I've long been of the view that the time has come for direct-entry into the inspecting ranks (roughly equivalent to Capt/ Maj) in my Job. In any case, we have a variety of rapid-promotion mechanisms that make a mockery of any real operational experience that person is required to do. The hierarchy are positing the view that people should be allowed to join the Job at Superintendent rank (Lt.Col/ Col) which to me is totally arse-about-face). However, overall, the point is well-made that only because we expect all policemen and women to spend two years "at the coalface" seems to have little direct bearing on the outcomes at senior management level.

Sorry to take this off-topic slightly, but the concept of selecting leaders does seem relevant to the original point. A bit.

Cheers!
V!
 
#55
Carlos_Hathcock_II said:
Doesnt matter what capbadge he happens to wear, if he aint there to be counted then he aint there full fekkin stop!!!
I'm sure RSM LONDIST would see it that way, too... ( top bloke, BTW )
 
#56
The_Viper said:
Hey Abacus! I’m back!


Secondly I have very much managed to ascertain what DETAPO training involves – and even more sadly have witnessed the result of some of the ‘finished’ articles – oh dear!


Peace and Love.

I am not sure a DETAPO has been commissioned yet from London, the scheme hasn't been going long enough.
 
#57
Bravo_Bravo said:
Carlos_Hathcock_II said:
Doesnt matter what capbadge he happens to wear, if he aint there to be counted then he aint there full fekkin stop!!!
I'm sure RSM LONDIST would see it that way, too... ( top bloke, BTW )
I assume you mean RSM LDSTT, in which case I'm sure his old patrol course mate CHII wouldn't change his position.

He is however factually incorrect as there are at least two officers (a Zimbabwean and a Scot) who are FOO qulified at the HAC (albeit not HAC badged) and a someone in CHII's Squadron who I'm pretty certain was a FOO - not sure what happens to the qualification when you revert to Trooper though.
 
#59
Bailey said:
Bravo_Bravo said:
Carlos_Hathcock_II said:
Doesnt matter what capbadge he happens to wear, if he aint there to be counted then he aint there full fekkin stop!!!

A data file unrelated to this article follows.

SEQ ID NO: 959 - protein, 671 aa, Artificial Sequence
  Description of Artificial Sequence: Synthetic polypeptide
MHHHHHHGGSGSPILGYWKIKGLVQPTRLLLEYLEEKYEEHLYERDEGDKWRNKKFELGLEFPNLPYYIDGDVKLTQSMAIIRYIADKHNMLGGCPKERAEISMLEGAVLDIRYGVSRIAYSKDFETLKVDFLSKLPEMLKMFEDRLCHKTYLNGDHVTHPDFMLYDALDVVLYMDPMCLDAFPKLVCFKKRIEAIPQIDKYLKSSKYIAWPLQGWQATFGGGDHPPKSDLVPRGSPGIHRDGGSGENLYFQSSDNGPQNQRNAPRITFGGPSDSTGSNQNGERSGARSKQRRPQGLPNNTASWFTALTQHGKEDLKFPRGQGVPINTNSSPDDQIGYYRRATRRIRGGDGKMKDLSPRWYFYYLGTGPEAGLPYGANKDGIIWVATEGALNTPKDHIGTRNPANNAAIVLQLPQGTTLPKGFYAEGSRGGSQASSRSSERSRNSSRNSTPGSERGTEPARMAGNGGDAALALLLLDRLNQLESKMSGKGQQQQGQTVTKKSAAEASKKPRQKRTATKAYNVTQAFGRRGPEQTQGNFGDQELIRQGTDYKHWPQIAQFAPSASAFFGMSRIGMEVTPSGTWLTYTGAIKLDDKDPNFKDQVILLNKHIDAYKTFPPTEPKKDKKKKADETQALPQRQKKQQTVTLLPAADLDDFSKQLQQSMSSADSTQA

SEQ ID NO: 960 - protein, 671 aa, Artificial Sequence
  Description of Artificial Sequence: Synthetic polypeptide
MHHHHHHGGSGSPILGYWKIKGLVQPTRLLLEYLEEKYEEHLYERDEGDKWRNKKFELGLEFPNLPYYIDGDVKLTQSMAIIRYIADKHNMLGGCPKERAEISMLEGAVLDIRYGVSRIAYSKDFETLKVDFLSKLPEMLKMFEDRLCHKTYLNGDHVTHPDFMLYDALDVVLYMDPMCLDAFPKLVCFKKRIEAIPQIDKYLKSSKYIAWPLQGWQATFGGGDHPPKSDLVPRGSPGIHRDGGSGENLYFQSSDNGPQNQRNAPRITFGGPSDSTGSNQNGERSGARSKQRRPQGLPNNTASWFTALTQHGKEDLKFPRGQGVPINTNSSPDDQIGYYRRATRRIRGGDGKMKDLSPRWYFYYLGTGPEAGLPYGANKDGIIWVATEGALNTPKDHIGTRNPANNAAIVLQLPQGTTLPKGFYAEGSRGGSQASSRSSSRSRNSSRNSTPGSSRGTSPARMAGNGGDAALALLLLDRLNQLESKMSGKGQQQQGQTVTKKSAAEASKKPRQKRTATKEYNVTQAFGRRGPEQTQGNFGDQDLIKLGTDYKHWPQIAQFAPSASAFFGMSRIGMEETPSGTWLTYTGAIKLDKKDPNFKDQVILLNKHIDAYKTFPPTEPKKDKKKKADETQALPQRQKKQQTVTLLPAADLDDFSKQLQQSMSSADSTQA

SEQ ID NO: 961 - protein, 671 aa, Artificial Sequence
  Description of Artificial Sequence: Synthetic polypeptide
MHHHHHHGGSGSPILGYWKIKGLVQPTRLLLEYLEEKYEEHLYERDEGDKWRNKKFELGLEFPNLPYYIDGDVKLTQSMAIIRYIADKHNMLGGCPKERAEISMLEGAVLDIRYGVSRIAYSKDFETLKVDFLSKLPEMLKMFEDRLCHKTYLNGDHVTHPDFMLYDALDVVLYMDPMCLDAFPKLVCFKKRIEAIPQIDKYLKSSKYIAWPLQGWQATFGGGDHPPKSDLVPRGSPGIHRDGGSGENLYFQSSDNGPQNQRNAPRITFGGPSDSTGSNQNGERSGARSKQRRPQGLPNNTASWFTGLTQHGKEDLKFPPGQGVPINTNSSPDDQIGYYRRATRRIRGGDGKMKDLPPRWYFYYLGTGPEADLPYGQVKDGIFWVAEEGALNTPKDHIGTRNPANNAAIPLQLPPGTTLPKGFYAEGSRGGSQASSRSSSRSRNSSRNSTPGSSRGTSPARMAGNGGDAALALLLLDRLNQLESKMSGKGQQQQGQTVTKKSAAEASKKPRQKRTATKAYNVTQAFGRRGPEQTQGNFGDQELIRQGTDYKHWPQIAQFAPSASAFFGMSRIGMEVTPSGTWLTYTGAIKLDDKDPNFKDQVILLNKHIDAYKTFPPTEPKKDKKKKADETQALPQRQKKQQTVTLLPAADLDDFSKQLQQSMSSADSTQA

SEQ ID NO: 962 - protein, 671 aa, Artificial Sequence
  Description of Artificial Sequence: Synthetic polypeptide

I'm sure RSM LONDIST would see it that way, too... ( top bloke, BTW )
I assume you mean RSM LDSTT, in which case I'm sure his old patrol course mate CHII wouldn't change his position.

He is however factually incorrect as there are at least two officers (a Zimbabwean and a Scot) who are FOO qulified at the HAC (albeit not HAC badged) and a someone in CHII's Squadron who I'm pretty certain was a FOO - not sure what happens to the qualification when you revert to Trooper though.
Bravo-Bravo,

RSM LDSTT is in a grey area. The HAC does NOT have WO1's, our WO1's come from the Gren Guards, so the gent in question may have a HAC capbadge on, but he is not the HAC RSM, and never will be because of that and another small fact. He was the last BSM that we had and then moved on, otherwise he would have been, like so many others we have had, been forced to resign his warrent and revert to CSgt. Luckily enough he found this posting and is there now. I have no idea if it is a 2 year post or a 'in till yer drop!' type thing. Either way he will prob end up gettin an LE commission. If he then returns to the HAC is up to him. Either way, he aint here!

Bailey,

Not true matey.
The two guys you have mentioned are regular officers from the RA, NOT HAC officers and as such have jobs running the Regt and nothing to do with FOOing. And when mobilisastions happend they werent sent out with the boys as FOO's. The lad in my Sqn, well, not only did he revert to a Trooper he also got his qual with another Army, which we have found out isnt valid! (Go figure huh!?!)

So, there are no FOO qualified orrificers at the HAC (with HAC capbadge!) :roll:

So, with no guns, no FOO's, nothing what so ever to do with the Arty, why are we Arty??? :?